Creative Future names 2020 Writers' Award winners

Creative Future names 2020 Writers' Award winners

Grief, male sexuality and the plight of pets in Covid-stricken Wuhan are some of the subjects of the 12 winning entries in the Creative Future Writers’ Award, chosen by judges including author Kerry Hudson and poet Anthony Anaxagorou.

Creative Future, a not-for-profit organisation dedicated to supporting and nurturing under-represented artists, announced the winners of its seventh annual Writers' Award on Tuesday (28th July). Inspired by the theme of "Tomorrow", the winning entries span two categories–prose and poetry–with six high-quality submissions recognised in each. The most outstanding work in each category was awarded Platinum, while the 10 other works were awarded Gold, Silver, Bronze, Highly Commended and Commended.

Michele Powponne received the prose category's Platinum award for Olive, an account of a "sent woman" who travelled to London for marriage from the Caribbean. Meanwhile Alex Matraxia, a London-based poet, took home the Platinum prize for poetry with Male Nudes by George Platt Lynes, described as "a touching exploration of male sexuality and vulnerability".

The other prize winners include Seren Thomas, a healthcare worker based in South Wales (Gold, Prose); Heenali Patel, a professional Tarot card reader and women’s rights campaigner (Silver, Prose); Laura Leung-How, who has previously been shortlisted for the Penguin Random House Write Now competition (Bronze, Prose); British-Malaysian-Chinese poet Chloe Elliot (Gold, Poetry), who won 2019's Timothy Corsellis Prize; Ellie Jackson, whose day job is combatting food poverty and instability in Edinburgh (Silver, Poetry); and Dead [Women] Poets Society co-founder Helen Bowell (Bronze, Poetry). 

Judged by Hudson, Anaxagorou and writer and editor Aki Schilz after 1,400 entries poured in, the winning 12 submissions have been published in an anthology alongside work by the guest authors, which is available now in hard copy and as an e-book. The winners also receive a cash prize and development opportunities with writers, publishers and literary agencies.

Hudson said: "The Creative Future Writers’ Award is one of the highlights of the annual literary calendar as far as I am concerned. It does what a prize for emerging writers should: discovers astounding new talent that might otherwise go unrecognised. This year the entries were incredibly diverse but what connected them all was the high, high quality of the prose and entirely unique perspectives on themes. If this list is any indication, the future of writing is bright."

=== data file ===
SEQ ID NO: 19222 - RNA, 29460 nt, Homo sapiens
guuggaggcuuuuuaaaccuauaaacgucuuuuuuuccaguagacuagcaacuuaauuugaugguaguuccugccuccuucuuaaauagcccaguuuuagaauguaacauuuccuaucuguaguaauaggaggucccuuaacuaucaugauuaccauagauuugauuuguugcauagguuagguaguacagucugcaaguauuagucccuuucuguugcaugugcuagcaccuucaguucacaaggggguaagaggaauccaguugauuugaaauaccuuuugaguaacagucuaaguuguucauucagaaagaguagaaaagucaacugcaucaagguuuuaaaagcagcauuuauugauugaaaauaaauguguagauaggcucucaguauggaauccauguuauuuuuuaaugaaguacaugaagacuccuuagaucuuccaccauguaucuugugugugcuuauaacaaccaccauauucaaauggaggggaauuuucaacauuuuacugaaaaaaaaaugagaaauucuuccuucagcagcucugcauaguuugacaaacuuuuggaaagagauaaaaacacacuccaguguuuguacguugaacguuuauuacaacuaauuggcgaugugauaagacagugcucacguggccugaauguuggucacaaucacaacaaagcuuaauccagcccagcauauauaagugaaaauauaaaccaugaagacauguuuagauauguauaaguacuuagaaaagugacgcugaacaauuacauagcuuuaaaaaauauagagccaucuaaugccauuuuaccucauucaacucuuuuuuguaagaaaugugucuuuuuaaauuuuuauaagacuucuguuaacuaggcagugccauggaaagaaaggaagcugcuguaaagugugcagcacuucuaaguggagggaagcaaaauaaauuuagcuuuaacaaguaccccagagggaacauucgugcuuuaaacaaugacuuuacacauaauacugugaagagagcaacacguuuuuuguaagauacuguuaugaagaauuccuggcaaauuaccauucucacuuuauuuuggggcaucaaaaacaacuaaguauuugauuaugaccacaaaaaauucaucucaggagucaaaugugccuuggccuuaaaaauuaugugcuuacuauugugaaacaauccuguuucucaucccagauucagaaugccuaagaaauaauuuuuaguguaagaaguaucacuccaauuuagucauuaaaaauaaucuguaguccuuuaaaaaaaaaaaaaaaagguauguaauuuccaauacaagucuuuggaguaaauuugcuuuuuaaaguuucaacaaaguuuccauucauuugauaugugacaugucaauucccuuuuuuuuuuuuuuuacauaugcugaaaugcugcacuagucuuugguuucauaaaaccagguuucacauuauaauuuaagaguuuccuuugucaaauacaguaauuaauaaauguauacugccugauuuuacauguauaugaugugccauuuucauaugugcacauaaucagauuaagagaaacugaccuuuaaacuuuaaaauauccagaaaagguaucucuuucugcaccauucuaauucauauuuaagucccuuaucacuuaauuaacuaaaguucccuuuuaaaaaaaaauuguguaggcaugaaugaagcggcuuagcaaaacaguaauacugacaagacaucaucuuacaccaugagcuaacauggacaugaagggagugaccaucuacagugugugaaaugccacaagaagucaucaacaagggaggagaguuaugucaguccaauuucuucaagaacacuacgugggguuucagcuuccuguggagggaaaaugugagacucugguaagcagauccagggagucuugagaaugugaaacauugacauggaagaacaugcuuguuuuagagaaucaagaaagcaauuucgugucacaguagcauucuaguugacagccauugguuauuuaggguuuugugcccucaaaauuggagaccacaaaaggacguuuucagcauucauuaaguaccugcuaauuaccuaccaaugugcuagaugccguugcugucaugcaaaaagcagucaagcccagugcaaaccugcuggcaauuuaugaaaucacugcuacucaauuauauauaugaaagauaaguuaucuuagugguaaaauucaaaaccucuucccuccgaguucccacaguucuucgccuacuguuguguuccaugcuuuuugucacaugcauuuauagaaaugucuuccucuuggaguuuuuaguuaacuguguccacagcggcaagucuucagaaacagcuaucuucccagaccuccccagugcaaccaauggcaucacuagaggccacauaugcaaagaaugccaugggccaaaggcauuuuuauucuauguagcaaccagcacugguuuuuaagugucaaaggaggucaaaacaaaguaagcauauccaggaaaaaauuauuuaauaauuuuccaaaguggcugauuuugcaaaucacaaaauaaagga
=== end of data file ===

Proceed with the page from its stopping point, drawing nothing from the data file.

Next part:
Anaxagorou said: "It was a joy to read for this year’s Creative Future Award; to see the range of poetry and fiction which was submitted, all so unique and bold in the ways the work approached the theme of 'Tomorrow'. Some of the writing contained flashes of hope and understanding, others were more abstract and critical in the way they perceived 'Tomorrow'. What the winning pieces showed was a compelling conviction in the belief and power of the words, and a need to resonate with a wide and discerning readership."

Jane McMorrow, director of Creative Future, said: “This year we received 1,400 entries from across the country to our 2020 Creative Future Writers’ Award competition—our highest number of submissions since the awards began in 2013. The quality of the work submitted was exceptional, and we are thrilled to offer our 12 outstanding winners a unique range of development prizes. There is an abundance of talent in this group of emerging writers. We are delighted to have found such brilliant new voices, and are eager to continue working with them to develop their writing careers."

Previous winners include Jarred McGinnis, whose new memoir will be published by Canongate in 2021; Romalyn Ante, whose debut poetry collection is published by Chatto & Windus in July 2020; Kirsty Capes, whose debut novel will be published by Orion in 2021; Michelle Perkins, who was this year awarded the National Centre for Writing Inaugural Laura Kinsella Fellowship, and Natalie Linh Bolderston, who went on to win the Eric Gregory Poetry Prize 2020.